A former Purdue biology professor said he would have had to go back to his hometown in Pennsylvania to support his mother and grandmother had a fellow colleague not given him the money to stay.

That colleague, Mary Stiller, one of only two consecrated virgins of the Catholic church in Indiana, was about to leave Purdue herself to go conduct post-doctoral research at the University of Chicago.

“She said ‘Oh, by the way, I don’t need all the money (the University of Chicago) is going to pay me ... whenever I get paid, I’ll send you some money. You stay here and don’t go back to Pennsylvania’ (and) I said, ‘Riiight, Mary,’” laughed Al Chiscon, who at the time said he was living on the half-time salary of a teacher’s assistant of about $1,500 a year.

Nonetheless, Chiscon said it was only about two weeks later when he received a check in the mail from Stiller along with a note that told him not to ever pay her back, but to someday pay it forward and help others in need.

Stiller, who died Sunday morning at age 81, dedicated her whole life to service, both to the Catholic Church and to Purdue where she earned her bachelor’s, master’s and doctoral degrees and then went on to teach biology for 35 years.

A member of West Lafayette’s St. Thomas Aquinas Catholic Church since its foundation in 1950, Stiller felt called by God in 1974 to serve in what The Rev. Patrick Baikauskas is a very rare and “obscure” rite in the Catholic faith, the life-long vow and vocation of becoming a consecrated virgin.

“It has its expectations ... things not unlike being in religious life, as far living a life of simplicity and prayer,” Baikauskas said.

Stiller lived this simple life of religious devotion, Baikauskas said fondly. He saidheprayed with Stiller every day for five years and she always wore the same simple outfit, her “own kind of habit.”

Extremely devoted to her duties and roles as sacristan (the person in charge of making preparations for each Mass), reader, choir member, song leader and Extraordinary Minister of Holy Communion, Stiller also found the time and resources to give back to others at every turn.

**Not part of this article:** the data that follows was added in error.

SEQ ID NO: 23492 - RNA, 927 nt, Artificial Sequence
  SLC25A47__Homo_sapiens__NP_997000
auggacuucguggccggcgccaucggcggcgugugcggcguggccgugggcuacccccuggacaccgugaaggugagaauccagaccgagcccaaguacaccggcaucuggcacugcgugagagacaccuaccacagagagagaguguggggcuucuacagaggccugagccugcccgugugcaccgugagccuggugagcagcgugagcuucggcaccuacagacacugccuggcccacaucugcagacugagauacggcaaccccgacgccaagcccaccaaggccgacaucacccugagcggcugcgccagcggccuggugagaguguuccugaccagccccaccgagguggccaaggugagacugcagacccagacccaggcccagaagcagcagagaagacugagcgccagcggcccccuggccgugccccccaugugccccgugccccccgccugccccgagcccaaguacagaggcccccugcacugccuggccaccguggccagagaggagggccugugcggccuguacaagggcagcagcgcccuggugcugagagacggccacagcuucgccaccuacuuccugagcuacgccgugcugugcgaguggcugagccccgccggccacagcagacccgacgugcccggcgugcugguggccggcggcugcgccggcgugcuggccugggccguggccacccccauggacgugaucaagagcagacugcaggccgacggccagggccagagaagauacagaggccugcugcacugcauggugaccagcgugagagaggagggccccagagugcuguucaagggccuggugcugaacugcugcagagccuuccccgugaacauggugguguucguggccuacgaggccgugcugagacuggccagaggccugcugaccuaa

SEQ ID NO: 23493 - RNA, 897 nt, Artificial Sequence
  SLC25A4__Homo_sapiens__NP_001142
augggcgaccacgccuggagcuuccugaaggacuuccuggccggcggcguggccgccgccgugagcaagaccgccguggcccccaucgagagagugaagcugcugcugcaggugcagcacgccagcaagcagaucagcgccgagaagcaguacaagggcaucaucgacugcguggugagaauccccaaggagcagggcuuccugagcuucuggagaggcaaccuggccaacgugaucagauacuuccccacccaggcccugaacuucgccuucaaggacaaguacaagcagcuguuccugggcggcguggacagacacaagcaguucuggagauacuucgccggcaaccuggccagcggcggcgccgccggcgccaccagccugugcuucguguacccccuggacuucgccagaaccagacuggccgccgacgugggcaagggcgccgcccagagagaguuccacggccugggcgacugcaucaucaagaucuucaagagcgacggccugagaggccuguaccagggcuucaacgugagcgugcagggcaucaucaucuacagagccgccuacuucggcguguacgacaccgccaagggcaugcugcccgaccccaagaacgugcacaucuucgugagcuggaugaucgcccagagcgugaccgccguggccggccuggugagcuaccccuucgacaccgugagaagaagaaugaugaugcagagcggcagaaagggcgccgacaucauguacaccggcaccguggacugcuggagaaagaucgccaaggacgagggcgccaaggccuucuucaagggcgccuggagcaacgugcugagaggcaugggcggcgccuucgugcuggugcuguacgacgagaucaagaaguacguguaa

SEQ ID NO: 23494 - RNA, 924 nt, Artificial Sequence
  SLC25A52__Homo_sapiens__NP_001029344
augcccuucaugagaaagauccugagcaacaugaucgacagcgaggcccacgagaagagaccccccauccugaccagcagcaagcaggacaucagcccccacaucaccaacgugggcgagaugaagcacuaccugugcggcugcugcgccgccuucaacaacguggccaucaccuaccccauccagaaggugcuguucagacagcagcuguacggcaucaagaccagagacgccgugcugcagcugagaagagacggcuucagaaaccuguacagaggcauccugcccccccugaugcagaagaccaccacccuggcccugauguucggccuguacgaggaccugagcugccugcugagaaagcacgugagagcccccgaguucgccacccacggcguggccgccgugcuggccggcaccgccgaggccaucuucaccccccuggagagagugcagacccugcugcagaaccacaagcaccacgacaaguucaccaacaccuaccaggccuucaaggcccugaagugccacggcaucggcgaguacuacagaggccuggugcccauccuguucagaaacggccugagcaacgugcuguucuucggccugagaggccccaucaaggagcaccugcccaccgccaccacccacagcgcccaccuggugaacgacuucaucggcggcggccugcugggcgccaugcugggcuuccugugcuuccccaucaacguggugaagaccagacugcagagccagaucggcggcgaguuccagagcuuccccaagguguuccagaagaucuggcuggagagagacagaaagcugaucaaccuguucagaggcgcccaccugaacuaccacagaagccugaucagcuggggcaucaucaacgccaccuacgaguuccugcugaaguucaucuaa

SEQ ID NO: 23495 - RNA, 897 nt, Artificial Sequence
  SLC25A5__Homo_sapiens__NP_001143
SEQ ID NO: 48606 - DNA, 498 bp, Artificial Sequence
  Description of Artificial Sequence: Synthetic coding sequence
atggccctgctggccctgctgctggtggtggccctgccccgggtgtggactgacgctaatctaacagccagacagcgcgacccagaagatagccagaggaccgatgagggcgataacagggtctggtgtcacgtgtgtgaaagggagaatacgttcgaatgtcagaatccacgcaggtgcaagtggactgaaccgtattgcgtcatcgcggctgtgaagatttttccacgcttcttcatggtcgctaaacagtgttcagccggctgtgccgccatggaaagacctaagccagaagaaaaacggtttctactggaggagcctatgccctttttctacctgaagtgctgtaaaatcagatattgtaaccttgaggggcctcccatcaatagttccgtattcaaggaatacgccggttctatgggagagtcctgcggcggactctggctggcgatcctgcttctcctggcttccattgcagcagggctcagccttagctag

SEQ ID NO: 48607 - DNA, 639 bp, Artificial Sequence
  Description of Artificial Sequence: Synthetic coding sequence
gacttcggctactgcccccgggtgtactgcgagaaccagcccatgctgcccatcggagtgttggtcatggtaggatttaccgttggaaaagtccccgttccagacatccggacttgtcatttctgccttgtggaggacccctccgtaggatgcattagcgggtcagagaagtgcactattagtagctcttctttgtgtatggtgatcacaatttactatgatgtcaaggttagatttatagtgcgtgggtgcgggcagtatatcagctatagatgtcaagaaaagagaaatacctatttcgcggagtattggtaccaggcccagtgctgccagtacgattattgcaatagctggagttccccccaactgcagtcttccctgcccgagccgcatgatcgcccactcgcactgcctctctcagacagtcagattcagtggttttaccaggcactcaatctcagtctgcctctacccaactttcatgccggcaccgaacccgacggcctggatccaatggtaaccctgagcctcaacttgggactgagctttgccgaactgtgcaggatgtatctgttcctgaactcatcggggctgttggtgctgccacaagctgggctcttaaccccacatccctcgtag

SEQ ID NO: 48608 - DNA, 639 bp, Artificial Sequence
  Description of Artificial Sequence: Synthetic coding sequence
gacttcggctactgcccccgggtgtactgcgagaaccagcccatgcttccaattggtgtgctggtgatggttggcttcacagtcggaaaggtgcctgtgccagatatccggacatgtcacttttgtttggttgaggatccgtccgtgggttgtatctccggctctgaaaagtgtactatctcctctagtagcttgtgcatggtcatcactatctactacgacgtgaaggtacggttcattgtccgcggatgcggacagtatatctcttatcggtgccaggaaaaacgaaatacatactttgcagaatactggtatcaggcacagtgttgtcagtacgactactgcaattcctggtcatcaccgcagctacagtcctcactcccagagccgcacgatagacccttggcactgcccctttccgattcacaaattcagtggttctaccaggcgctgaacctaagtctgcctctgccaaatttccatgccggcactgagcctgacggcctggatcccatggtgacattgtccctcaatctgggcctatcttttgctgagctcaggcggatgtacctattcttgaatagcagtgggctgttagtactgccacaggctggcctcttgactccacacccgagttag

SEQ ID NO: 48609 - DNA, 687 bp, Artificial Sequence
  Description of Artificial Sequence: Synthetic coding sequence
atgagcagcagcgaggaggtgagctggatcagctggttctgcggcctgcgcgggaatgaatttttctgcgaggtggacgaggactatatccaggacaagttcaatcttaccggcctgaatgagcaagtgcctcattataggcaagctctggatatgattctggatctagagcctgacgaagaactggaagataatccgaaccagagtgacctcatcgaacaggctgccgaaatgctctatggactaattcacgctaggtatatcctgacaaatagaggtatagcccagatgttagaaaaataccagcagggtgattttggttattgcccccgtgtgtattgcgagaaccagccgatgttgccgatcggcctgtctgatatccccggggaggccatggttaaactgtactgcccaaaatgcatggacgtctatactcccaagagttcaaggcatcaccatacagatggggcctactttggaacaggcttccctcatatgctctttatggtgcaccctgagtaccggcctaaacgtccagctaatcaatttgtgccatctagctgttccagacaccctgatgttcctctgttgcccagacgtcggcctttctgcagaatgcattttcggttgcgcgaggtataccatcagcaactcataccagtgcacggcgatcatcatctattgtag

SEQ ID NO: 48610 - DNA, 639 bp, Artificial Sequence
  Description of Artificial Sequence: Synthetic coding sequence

“She was extraordinarily generous; I think that she did that very quietly,” Baikauskas said.”I never said anything while she was alive about just how generous she was. She had investments and she gave away everything she had, every year. She lived very simply in a tiny apartment two blocks (from the church) on Harrison.”

Stiller’s extreme sense of dedication, diligence and devotion seemed to permeate all aspects of her life.

Chiscon said, “I arrived in September of (1954) as a graduate student, and she was already diggin’ her heels in working as a preliminary graduate student ... she astonished not only me, but everyone who met her during that era because she had just received her bachelor’s from Purdue; we had arrived from all over the country from various institutions and she seemed like she was about to win the Nobel or something ... (while) we were all running around trying to remember what our names were.”

Known for running on gigantic economy-sized jars of peanut butter on bread, cups of black coffee, cigarettes and very minimal amounts of sleep, Chiscon said “talking about Mary usually takes days or months” and that she was “a legend of sorts.” She often went days without leaving the office or her lab to go home and still had time to further her own education and general knowledge.

“She had bought a whole set of encyclopedias that she kept in the lab, and she used them for casual reading,” said Chiscon. “She started with ‘A’ – it was like most people would read ‘Gone with the Wind’ or something. And every time we would see Mary ... we would ask ‘Hey Mary, what letter are you on?’ ... She (then) packed up the whole set of encyclopedias sent it to a brother, who was a Catholic missionary in Nepal, when she was done reading the things. I mean, it was all we could do to just to keep up with our reading assignments ... and she did this for light reading in between.”

Stiller also found time to be an innovator, constantly finding ways to further explore her science. Chiscon said Stiller thought scientists “couldn’t wait on the next multi-million dollar piece of equipment” and she often made her own apparatus out of whatever materials – empty milk cartons, drinking straws, paper clips, anything – she had handy.

Above all, everything Stiller did went hand-in-hand with her faith.

Baikauskas said, “She felt that all science even more clearly pointed to the existence of God. (It) didn’t make sense if we didn’t believe that.”

A memorial service for Stiller will be held at 10 a.m. Thursday at St. Thomas Aquinas with The Most Rev. Timothy Daugherty, bishop, and Baikauskas officiating. In lieu of flowers, donations may be made to the St. Thomas Aquinas Center.